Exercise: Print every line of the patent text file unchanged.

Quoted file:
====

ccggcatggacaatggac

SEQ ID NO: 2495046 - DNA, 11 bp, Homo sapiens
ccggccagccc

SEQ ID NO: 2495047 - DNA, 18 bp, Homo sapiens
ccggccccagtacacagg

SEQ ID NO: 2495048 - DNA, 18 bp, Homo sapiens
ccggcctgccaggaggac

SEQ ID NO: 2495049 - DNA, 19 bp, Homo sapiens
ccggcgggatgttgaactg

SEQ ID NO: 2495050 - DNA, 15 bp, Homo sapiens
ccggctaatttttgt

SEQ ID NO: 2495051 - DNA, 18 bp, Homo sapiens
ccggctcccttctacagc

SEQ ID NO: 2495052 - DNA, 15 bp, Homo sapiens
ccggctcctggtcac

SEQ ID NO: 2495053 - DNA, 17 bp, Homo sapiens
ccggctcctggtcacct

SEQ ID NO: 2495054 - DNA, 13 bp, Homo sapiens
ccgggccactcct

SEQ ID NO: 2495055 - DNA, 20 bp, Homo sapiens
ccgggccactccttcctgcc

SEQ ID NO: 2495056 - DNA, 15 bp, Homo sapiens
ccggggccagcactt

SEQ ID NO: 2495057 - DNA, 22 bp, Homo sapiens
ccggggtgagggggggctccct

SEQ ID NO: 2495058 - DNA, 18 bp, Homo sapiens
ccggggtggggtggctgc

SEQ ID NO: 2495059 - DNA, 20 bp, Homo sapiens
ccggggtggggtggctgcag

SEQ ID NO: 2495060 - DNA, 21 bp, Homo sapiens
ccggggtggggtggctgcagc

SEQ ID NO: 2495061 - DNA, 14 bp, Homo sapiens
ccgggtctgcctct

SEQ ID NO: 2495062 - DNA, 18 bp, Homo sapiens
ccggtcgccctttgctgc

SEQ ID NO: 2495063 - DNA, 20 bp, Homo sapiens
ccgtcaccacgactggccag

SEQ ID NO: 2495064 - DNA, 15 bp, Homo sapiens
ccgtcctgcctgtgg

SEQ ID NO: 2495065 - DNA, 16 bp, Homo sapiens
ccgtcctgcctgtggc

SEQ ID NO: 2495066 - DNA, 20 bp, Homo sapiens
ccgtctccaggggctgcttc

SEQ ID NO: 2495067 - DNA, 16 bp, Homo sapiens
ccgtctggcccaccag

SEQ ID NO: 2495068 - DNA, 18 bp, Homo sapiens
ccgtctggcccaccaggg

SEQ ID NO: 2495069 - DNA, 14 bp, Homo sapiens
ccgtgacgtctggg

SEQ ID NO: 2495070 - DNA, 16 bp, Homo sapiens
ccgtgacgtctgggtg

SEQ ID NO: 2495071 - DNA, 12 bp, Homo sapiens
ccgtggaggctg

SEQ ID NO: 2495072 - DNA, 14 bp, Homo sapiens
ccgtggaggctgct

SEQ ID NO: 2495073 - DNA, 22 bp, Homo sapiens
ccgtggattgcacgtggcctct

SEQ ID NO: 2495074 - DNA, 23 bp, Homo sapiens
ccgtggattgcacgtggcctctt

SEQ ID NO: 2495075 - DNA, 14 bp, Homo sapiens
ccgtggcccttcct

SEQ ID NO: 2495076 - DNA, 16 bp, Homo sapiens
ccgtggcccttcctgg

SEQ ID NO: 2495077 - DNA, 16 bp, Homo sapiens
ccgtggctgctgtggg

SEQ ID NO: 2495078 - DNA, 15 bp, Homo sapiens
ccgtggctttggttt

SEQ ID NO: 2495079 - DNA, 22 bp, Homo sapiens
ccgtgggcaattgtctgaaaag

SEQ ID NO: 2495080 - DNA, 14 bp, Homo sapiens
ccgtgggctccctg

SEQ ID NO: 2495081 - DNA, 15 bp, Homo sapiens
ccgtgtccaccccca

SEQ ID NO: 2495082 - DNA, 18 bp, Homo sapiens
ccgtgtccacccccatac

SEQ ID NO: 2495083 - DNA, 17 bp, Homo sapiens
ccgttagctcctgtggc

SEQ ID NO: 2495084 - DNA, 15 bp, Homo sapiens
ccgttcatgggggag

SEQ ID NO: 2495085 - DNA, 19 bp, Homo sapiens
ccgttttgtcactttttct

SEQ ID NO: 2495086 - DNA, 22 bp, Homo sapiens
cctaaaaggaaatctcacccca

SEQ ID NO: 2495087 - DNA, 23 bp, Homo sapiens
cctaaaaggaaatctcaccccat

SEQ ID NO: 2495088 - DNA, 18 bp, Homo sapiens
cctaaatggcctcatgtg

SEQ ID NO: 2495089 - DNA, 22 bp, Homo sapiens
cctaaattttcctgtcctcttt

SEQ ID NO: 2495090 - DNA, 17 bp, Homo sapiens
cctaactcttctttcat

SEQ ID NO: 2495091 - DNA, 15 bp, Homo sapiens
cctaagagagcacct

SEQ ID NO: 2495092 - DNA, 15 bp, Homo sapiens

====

ccggcatggacaatggac

SEQ ID NO: 2495046 - DNA, 11 bp, Homo sapiens
ccggccagccc

SEQ ID NO: 2495047 - DNA, 18 bp, Homo sapiens
ccggccccagtacacagg

SEQ ID NO: 2495048 - DNA, 18 bp, Homo sapiens
ccggcctgccaggaggac

SEQ ID NO: 2495049 - DNA, 19 bp, Homo sapiens
ccggcgggatgttgaactg

SEQ ID NO: 2495050 - DNA, 15 bp, Homo sapiens
ccggctaatttttgt

SEQ ID NO: 2495051 - DNA, 18 bp, Homo sapiens
ccggctcccttctacagc

SEQ ID NO: 2495052 - DNA, 15 bp, Homo sapiens
ccggctcctggtcac

SEQ ID NO: 2495053 - DNA, 17 bp, Homo sapiens
ccggctcctggtcacct

SEQ ID NO: 2495054 - DNA, 13 bp, Homo sapiens
ccgggccactcct

SEQ ID NO: 2495055 - DNA, 20 bp, Homo sapiens
ccgggccactccttcctgcc

SEQ ID NO: 2495056 - DNA, 15 bp, Homo sapiens
ccggggccagcactt

SEQ ID NO: 2495057 - DNA, 22 bp, Homo sapiens
ccggggtgagggggggctccct

SEQ ID NO: 2495058 - DNA, 18 bp, Homo sapiens
ccggggtggggtggctgc

SEQ ID NO: 2495059 - DNA, 20 bp, Homo sapiens
ccggggtggggtggctgcag

SEQ ID NO: 2495060 - DNA, 21 bp, Homo sapiens
ccggggtggggtggctgcagc

SEQ ID NO: 2495061 - DNA, 14 bp, Homo sapiens
ccgggtctgcctct

SEQ ID NO: 2495062 - DNA, 18 bp, Homo sapiens
ccggtcgccctttgctgc

SEQ ID NO: 2495063 - DNA, 20 bp, Homo sapiens
ccgtcaccacgactggccag

SEQ ID NO: 2495064 - DNA, 15 bp, Homo sapiens
ccgtcctgcctgtgg

SEQ ID NO: 2495065 - DNA, 16 bp, Homo sapiens
ccgtcctgcctgtggc

SEQ ID NO: 2495066 - DNA, 20 bp, Homo sapiens
ccgtctccaggggctgcttc

SEQ ID NO: 2495067 - DNA, 16 bp, Homo sapiens
ccgtctggcccaccag

SEQ ID NO: 2495068 - DNA, 18 bp, Homo sapiens
ccgtctggcccaccaggg

SEQ ID NO: 2495069 - DNA, 14 bp, Homo sapiens
ccgtgacgtctggg

SEQ ID NO: 2495070 - DNA, 16 bp, Homo sapiens
ccgtgacgtctgggtg

SEQ ID NO: 2495071 - DNA, 12 bp, Homo sapiens
ccgtggaggctg

SEQ ID NO: 2495072 - DNA, 14 bp, Homo sapiens
ccgtggaggctgct

SEQ ID NO: 2495073 - DNA, 22 bp, Homo sapiens
ccgtggattgcacgtggcctct

SEQ ID NO: 2495074 - DNA, 23 bp, Homo sapiens
ccgtggattgcacgtggcctctt

SEQ ID NO: 2495075 - DNA, 14 bp, Homo sapiens
ccgtggcccttcct

SEQ ID NO: 2495076 - DNA, 16 bp, Homo sapiens
ccgtggcccttcctgg

SEQ ID NO: 2495077 - DNA, 16 bp, Homo sapiens
ccgtggctgctgtggg

SEQ ID NO: 2495078 - DNA, 15 bp, Homo sapiens
ccgtggctttggttt

SEQ ID NO: 2495079 - DNA, 22 bp, Homo sapiens
ccgtgggcaattgtctgaaaag

SEQ ID NO: 2495080 - DNA, 14 bp, Homo sapiens
ccgtgggctccctg

SEQ ID NO: 2495081 - DNA, 15 bp, Homo sapiens
ccgtgtccaccccca

SEQ ID NO: 2495082 - DNA, 18 bp, Homo sapiens
ccgtgtccacccccatac

SEQ ID NO: 2495083 - DNA, 17 bp, Homo sapiens
ccgttagctcctgtggc

SEQ ID NO: 2495084 - DNA, 15 bp, Homo sapiens
ccgttcatgggggag

SEQ ID NO: 2495085 - DNA, 19 bp, Homo sapiens
ccgttttgtcactttttct

SEQ ID NO: 2495086 - DNA, 22 bp, Homo sapiens
cctaaaaggaaatctcacccca

SEQ ID NO: 2495087 - DNA, 23 bp, Homo sapiens
cctaaaaggaaatctcaccccat

SEQ ID NO: 2495088 - DNA, 18 bp, Homo sapiens
cctaaatggcctcatgtg

SEQ ID NO: 2495089 - DNA, 22 bp, Homo sapiens
cctaaattttcctgtcctcttt

SEQ ID NO: 2495090 - DNA, 17 bp, Homo sapiens
cctaactcttctttcat

SEQ ID NO: 2495091 - DNA, 15 bp, Homo sapiens
cctaagagagcacct

SEQ ID NO: 2495092 - DNA, 15 bp, Homo sapiens